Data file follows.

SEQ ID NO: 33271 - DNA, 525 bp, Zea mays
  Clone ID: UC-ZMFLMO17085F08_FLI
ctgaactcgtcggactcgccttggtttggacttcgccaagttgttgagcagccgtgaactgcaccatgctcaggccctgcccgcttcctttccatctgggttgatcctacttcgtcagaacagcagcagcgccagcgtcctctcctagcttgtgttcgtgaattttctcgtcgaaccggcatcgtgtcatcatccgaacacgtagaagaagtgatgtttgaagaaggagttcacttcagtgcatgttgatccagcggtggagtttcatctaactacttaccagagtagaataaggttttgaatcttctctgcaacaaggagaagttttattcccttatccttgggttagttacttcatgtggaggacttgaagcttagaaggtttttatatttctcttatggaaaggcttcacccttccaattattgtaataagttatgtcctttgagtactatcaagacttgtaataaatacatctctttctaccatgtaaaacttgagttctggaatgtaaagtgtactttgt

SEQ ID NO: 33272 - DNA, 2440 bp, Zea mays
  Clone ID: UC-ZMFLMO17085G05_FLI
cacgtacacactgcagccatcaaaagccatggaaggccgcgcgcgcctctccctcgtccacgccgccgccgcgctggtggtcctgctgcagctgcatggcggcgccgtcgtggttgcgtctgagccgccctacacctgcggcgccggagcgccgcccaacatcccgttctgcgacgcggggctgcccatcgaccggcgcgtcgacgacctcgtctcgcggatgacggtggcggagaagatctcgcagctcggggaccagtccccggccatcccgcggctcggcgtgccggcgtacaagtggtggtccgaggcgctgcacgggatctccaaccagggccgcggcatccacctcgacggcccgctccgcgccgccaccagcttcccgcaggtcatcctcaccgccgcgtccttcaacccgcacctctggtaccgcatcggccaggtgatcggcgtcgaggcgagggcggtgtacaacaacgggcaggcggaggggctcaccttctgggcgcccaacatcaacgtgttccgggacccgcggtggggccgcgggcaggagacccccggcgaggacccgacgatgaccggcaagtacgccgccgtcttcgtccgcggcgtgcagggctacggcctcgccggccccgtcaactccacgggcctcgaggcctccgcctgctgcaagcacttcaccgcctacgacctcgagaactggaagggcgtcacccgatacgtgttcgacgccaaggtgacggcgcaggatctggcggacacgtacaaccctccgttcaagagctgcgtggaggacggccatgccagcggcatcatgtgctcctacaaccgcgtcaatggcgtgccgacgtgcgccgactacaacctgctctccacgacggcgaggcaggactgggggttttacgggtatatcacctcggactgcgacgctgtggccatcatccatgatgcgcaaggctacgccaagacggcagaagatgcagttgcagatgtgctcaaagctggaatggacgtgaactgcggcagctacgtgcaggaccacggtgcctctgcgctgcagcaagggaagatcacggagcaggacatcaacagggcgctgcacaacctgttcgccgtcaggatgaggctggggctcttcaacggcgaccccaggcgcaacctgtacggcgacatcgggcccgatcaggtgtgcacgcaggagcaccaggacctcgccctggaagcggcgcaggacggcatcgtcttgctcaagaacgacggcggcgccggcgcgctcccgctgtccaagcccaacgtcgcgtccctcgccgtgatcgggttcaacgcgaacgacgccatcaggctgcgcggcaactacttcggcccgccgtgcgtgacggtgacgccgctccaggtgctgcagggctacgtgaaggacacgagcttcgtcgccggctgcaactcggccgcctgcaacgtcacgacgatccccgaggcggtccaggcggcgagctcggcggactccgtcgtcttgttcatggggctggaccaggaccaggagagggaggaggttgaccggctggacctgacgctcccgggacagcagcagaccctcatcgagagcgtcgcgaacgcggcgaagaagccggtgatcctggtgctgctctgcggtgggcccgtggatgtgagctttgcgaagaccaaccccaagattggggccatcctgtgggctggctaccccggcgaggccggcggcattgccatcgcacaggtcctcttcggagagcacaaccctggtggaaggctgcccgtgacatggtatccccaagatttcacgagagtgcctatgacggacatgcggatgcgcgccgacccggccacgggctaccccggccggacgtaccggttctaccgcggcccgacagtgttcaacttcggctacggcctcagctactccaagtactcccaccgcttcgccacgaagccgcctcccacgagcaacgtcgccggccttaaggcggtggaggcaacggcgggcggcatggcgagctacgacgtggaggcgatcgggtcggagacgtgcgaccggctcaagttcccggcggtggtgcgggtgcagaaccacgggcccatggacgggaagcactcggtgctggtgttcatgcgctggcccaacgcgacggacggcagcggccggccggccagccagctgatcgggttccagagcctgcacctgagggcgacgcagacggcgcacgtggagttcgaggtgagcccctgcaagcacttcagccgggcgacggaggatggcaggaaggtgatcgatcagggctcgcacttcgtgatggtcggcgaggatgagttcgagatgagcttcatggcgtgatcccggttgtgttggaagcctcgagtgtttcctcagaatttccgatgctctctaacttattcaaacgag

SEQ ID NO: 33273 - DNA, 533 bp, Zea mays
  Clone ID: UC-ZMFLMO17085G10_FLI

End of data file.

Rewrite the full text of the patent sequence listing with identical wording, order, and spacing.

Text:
SEQ ID NO: 33271 - DNA, 525 bp, Zea mays
  Clone ID: UC-ZMFLMO17085F08_FLI
ctgaactcgtcggactcgccttggtttggacttcgccaagttgttgagcagccgtgaactgcaccatgctcaggccctgcccgcttcctttccatctgggttgatcctacttcgtcagaacagcagcagcgccagcgtcctctcctagcttgtgttcgtgaattttctcgtcgaaccggcatcgtgtcatcatccgaacacgtagaagaagtgatgtttgaagaaggagttcacttcagtgcatgttgatccagcggtggagtttcatctaactacttaccagagtagaataaggttttgaatcttctctgcaacaaggagaagttttattcccttatccttgggttagttacttcatgtggaggacttgaagcttagaaggtttttatatttctcttatggaaaggcttcacccttccaattattgtaataagttatgtcctttgagtactatcaagacttgtaataaatacatctctttctaccatgtaaaacttgagttctggaatgtaaagtgtactttgt

SEQ ID NO: 33272 - DNA, 2440 bp, Zea mays
  Clone ID: UC-ZMFLMO17085G05_FLI
cacgtacacactgcagccatcaaaagccatggaaggccgcgcgcgcctctccctcgtccacgccgccgccgcgctggtggtcctgctgcagctgcatggcggcgccgtcgtggttgcgtctgagccgccctacacctgcggcgccggagcgccgcccaacatcccgttctgcgacgcggggctgcccatcgaccggcgcgtcgacgacctcgtctcgcggatgacggtggcggagaagatctcgcagctcggggaccagtccccggccatcccgcggctcggcgtgccggcgtacaagtggtggtccgaggcgctgcacgggatctccaaccagggccgcggcatccacctcgacggcccgctccgcgccgccaccagcttcccgcaggtcatcctcaccgccgcgtccttcaacccgcacctctggtaccgcatcggccaggtgatcggcgtcgaggcgagggcggtgtacaacaacgggcaggcggaggggctcaccttctgggcgcccaacatcaacgtgttccgggacccgcggtggggccgcgggcaggagacccccggcgaggacccgacgatgaccggcaagtacgccgccgtcttcgtccgcggcgtgcagggctacggcctcgccggccccgtcaactccacgggcctcgaggcctccgcctgctgcaagcacttcaccgcctacgacctcgagaactggaagggcgtcacccgatacgtgttcgacgccaaggtgacggcgcaggatctggcggacacgtacaaccctccgttcaagagctgcgtggaggacggccatgccagcggcatcatgtgctcctacaaccgcgtcaatggcgtgccgacgtgcgccgactacaacctgctctccacgacggcgaggcaggactgggggttttacgggtatatcacctcggactgcgacgctgtggccatcatccatgatgcgcaaggctacgccaagacggcagaagatgcagttgcagatgtgctcaaagctggaatggacgtgaactgcggcagctacgtgcaggaccacggtgcctctgcgctgcagcaagggaagatcacggagcaggacatcaacagggcgctgcacaacctgttcgccgtcaggatgaggctggggctcttcaacggcgaccccaggcgcaacctgtacggcgacatcgggcccgatcaggtgtgcacgcaggagcaccaggacctcgccctggaagcggcgcaggacggcatcgtcttgctcaagaacgacggcggcgccggcgcgctcccgctgtccaagcccaacgtcgcgtccctcgccgtgatcgggttcaacgcgaacgacgccatcaggctgcgcggcaactacttcggcccgccgtgcgtgacggtgacgccgctccaggtgctgcagggctacgtgaaggacacgagcttcgtcgccggctgcaactcggccgcctgcaacgtcacgacgatccccgaggcggtccaggcggcgagctcggcggactccgtcgtcttgttcatggggctggaccaggaccaggagagggaggaggttgaccggctggacctgacgctcccgggacagcagcagaccctcatcgagagcgtcgcgaacgcggcgaagaagccggtgatcctggtgctgctctgcggtgggcccgtggatgtgagctttgcgaagaccaaccccaagattggggccatcctgtgggctggctaccccggcgaggccggcggcattgccatcgcacaggtcctcttcggagagcacaaccctggtggaaggctgcccgtgacatggtatccccaagatttcacgagagtgcctatgacggacatgcggatgcgcgccgacccggccacgggctaccccggccggacgtaccggttctaccgcggcccgacagtgttcaacttcggctacggcctcagctactccaagtactcccaccgcttcgccacgaagccgcctcccacgagcaacgtcgccggccttaaggcggtggaggcaacggcgggcggcatggcgagctacgacgtggaggcgatcgggtcggagacgtgcgaccggctcaagttcccggcggtggtgcgggtgcagaaccacgggcccatggacgggaagcactcggtgctggtgttcatgcgctggcccaacgcgacggacggcagcggccggccggccagccagctgatcgggttccagagcctgcacctgagggcgacgcagacggcgcacgtggagttcgaggtgagcccctgcaagcacttcagccgggcgacggaggatggcaggaaggtgatcgatcagggctcgcacttcgtgatggtcggcgaggatgagttcgagatgagcttcatggcgtgatcccggttgtgttggaagcctcgagtgtttcctcagaatttccgatgctctctaacttattcaaacgag

SEQ ID NO: 33273 - DNA, 533 bp, Zea mays
  Clone ID: UC-ZMFLMO17085G10_FLI